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Pat Curran retains featherweight belt as Bellator MMA takes center stage

Pat Curran was less than impressed with his early victory, saying that was his plan. Pat Curran was less than impressed with his early victory, saying that was his plan. (Henry S Dziekan III/Getty Images)

Timing is everything. Well, almost everything. Good fortune also factors into success.

Bellator MMA had both of those things on its side Thursday night in Atlantic City.

Bjorn Rebney & Co. put together perhaps the best fight card in the promotion’s history, headlined by a featherweight title bout, with two tournament finals billed right below. And the card got an added boost when the UFC lost its Saturday main event, allowing Bellator 95 to step out of the shadow of its behemoth rival and become the mixed martial arts event of the week.

The only thing left for Bellator to do was deliver. And its fighters did just that right from the top.

Pat Curran, who at No. 3 among featherweights in the SI.com MMA rankings is by far the highest-ranked non-UFC fighter, defended his belt for the second time with remarkable efficiency, choking Shahbulat Shamhalaev unconscious 2:38 into Round 1. What made it efficient? Before his lightning-quick takedown around 10 seconds from the finish transitioned into an arm-in guillotine that prompted referee Keith Peterson to jump in when the challenger went limp, Curran had not landed a single punch. He was credited with but one strike in the fight, a kick to the body.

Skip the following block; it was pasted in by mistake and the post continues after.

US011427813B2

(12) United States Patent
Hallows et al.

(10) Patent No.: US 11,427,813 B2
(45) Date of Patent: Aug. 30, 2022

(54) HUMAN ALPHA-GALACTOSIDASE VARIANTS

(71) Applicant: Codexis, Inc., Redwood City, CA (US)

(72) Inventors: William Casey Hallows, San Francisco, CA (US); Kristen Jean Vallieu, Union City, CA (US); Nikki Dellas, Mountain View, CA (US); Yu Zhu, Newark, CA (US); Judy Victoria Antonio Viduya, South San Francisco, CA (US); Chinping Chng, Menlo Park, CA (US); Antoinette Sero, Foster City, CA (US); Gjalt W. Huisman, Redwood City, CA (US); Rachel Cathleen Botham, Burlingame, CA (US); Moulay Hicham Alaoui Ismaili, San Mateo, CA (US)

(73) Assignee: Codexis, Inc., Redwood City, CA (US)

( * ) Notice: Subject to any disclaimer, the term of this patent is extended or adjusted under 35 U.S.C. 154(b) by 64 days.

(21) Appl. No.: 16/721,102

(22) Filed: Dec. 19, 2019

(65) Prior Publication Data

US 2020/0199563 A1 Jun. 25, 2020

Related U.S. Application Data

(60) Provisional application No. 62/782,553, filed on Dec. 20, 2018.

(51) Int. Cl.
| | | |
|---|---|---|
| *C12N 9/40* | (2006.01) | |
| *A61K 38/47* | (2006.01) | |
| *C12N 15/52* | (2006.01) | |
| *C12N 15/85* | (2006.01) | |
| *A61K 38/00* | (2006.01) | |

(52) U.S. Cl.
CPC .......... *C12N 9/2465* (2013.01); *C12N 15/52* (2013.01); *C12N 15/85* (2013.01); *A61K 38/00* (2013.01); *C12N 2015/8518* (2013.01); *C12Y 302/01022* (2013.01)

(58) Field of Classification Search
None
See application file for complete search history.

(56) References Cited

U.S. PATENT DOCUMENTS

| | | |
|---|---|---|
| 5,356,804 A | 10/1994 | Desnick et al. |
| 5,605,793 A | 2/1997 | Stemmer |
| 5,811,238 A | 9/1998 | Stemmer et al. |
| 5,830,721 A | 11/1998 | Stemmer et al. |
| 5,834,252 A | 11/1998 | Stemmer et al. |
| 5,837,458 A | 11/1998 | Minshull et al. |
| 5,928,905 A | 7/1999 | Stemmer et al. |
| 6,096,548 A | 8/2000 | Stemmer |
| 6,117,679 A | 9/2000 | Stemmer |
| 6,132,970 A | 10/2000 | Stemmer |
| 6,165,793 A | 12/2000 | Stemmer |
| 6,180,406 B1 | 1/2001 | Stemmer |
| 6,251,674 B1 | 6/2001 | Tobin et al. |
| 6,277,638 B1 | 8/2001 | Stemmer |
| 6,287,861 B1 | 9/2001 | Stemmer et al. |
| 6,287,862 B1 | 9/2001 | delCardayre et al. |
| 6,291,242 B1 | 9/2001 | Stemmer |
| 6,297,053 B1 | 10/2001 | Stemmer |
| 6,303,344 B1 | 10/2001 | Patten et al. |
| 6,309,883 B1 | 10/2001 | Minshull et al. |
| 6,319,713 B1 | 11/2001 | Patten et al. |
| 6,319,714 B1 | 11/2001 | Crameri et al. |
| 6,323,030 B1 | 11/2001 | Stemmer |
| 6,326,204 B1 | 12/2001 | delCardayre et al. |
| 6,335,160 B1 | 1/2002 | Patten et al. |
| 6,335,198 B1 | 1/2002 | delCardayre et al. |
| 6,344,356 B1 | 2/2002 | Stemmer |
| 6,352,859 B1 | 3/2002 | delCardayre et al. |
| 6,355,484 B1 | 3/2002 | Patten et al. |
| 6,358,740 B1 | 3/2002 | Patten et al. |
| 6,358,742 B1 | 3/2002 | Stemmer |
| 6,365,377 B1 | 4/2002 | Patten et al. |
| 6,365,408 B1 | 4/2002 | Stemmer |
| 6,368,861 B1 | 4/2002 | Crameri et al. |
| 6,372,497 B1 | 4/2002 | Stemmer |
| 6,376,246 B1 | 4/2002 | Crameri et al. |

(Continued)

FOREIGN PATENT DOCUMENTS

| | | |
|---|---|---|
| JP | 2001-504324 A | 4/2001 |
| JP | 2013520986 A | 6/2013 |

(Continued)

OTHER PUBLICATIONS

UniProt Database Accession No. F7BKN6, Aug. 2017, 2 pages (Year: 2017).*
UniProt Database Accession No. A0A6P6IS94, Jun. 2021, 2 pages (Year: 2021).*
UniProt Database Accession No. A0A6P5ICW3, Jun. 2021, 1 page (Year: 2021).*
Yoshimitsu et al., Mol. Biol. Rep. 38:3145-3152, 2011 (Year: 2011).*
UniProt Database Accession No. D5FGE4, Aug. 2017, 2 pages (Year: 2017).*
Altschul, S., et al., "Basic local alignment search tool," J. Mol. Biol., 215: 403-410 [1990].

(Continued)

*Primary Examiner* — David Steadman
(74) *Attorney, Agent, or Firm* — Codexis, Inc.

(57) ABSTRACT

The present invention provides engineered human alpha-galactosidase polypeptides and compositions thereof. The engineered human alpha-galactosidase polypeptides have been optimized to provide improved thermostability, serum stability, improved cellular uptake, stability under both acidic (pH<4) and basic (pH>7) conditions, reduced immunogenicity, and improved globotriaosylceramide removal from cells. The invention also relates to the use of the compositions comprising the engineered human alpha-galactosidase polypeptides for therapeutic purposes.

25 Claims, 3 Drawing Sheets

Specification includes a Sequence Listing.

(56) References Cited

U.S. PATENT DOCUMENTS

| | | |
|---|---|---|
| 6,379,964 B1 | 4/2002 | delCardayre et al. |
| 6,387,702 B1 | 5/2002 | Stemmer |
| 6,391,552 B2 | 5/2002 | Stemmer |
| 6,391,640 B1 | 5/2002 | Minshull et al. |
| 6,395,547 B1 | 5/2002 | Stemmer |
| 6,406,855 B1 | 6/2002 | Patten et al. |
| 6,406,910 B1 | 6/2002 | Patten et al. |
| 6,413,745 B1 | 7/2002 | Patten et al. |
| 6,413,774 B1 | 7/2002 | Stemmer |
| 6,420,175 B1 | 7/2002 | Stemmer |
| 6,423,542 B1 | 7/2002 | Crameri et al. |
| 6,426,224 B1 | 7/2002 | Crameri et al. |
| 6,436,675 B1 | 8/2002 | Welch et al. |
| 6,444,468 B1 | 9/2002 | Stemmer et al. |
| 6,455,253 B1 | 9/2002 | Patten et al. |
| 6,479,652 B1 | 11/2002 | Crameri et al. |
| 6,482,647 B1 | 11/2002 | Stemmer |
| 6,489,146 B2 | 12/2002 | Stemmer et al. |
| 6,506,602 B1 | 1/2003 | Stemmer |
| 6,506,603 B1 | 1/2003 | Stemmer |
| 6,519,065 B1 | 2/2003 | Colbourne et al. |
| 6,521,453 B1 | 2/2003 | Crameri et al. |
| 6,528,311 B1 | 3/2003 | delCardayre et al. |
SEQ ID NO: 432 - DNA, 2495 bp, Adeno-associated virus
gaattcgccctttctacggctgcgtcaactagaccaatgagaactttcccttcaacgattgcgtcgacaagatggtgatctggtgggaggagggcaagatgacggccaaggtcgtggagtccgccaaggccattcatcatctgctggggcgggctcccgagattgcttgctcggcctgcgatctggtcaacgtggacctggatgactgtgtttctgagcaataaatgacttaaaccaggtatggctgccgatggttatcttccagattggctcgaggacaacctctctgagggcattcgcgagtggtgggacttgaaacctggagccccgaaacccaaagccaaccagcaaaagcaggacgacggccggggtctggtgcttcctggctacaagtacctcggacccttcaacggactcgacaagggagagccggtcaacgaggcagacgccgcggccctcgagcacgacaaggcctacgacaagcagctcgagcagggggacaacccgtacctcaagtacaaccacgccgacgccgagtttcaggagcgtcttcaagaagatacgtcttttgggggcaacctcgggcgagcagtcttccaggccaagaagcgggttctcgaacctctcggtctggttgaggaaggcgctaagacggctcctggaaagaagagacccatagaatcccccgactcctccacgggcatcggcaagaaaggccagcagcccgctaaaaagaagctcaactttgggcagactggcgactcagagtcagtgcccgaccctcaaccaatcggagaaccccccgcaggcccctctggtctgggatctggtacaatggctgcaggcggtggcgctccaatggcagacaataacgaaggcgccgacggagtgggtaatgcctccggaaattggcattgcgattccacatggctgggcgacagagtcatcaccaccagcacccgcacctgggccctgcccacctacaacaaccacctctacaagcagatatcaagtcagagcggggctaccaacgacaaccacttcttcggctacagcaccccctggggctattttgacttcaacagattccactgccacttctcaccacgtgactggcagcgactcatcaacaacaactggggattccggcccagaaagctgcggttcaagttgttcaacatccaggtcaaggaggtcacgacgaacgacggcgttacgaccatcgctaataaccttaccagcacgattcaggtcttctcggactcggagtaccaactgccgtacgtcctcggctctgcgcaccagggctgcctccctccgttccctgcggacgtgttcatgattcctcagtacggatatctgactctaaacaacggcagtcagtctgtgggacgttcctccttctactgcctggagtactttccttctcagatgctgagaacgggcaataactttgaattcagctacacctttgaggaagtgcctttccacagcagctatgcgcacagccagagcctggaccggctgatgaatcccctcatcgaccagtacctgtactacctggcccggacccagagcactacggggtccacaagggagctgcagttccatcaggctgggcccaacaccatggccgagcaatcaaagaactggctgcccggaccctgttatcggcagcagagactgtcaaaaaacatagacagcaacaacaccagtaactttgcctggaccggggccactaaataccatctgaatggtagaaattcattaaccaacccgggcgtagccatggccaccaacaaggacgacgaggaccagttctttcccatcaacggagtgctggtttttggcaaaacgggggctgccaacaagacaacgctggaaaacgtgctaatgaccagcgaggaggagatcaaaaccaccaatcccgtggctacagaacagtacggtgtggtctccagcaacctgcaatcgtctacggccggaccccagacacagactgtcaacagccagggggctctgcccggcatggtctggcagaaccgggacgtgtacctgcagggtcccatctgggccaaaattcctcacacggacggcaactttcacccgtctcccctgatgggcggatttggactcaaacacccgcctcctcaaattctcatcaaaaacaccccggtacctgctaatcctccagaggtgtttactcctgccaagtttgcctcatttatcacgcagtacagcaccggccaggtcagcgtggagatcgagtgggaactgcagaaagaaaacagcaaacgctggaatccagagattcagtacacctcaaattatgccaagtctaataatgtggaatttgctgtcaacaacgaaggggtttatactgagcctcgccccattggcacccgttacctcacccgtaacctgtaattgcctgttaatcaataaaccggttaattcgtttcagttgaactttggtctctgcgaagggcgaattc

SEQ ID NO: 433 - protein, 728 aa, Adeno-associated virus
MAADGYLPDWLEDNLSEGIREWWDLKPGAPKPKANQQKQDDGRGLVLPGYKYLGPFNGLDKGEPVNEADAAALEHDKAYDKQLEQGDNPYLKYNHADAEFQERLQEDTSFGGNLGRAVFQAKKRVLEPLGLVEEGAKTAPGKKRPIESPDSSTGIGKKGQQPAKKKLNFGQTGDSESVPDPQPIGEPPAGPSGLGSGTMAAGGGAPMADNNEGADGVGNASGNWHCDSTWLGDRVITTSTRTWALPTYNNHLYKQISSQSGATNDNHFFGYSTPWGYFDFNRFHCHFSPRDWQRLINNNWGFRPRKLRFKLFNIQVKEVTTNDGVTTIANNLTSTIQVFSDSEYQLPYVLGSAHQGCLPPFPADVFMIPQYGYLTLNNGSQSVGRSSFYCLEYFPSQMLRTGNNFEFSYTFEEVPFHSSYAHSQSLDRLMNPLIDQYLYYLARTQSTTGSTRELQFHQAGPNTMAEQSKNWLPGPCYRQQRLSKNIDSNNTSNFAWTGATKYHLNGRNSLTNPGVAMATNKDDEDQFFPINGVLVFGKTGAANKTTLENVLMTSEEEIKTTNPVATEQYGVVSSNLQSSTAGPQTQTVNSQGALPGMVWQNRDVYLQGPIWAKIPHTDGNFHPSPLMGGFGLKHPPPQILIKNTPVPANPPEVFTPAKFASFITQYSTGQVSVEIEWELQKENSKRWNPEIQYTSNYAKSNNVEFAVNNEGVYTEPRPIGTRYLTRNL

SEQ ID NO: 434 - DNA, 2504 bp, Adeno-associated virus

“It feels great, man,” Curran (19-4) said after his sixth straight victory. “I didn’t get hit once in the face. I wanted to get in, get out, get back to the gym, rest up, and on to the next one.”

That’s efficiency for you.

The fight actually threatened to kill the momentum that the main card had built, with a pair of knockouts and a rock ’em, sock ’em bout that went to decision. Why? While both Curran and Shamhalaev have shown spectacular flashes in recent fights, they’re both counterpunchers. What that stylistic matchup produced was mostly a circle dance, with each man waiting for the other to initiate. The challenger got off a few shots -- he was credited with landing six strikes -- but did not find the opportunity to show off the explosiveness he’d used to knock out his last five opponents. For Shamhalaev (12-2-1), the loss ended a run of 11 straight bouts without a defeat.

Earlier in the evening, another Russian featherweight fared better. Frodo Khasbulaev took a tight but unanimous decision from Mike Richman to capture the Season 8 tournament and earn a shot at Curran. He might have to wait a while, though, as Season 6 champ Daniel Strauss still hasn’t had the shot he earned. He was the champ’s original opponent for Thursday night, but a training injury put him on the shelf, replaced by Season 7 winner Shamhalaev. The tourneys come fast and furious in Bellator.

So do the punches of Doug Marshall. He’s the other tournament winner, as his brutal first-round knockout of Brett Cooper propelled him to a shot at middleweight champion Alexander Shlemenko. That should be an explosive  one, as Marshall is a wildman and the champ is a finisher as well, with five KOs during his 10-fight win streak.

It’s a risky proposition, though, thrusting Marshall into the spotlight, and not because of the Iron Cross tattoo on his chest. That symbol was used by the Nazis, yes, but it’s also been seen on surfer dudes, so we’ll draw no conclusion about “The Rhino” based upon his ink. However, his classlessness in victory -- standing over a prone Cooper smugly, then saying he was trying to knock the guy’s beard off -- was bush league. And Bellator surely would prefer to be seen as a major-league player in the sport. But a tournament is a tournament, and you let the chips fall where they may. Even if they might look like roadblocks.

--Jeff Wagenheim

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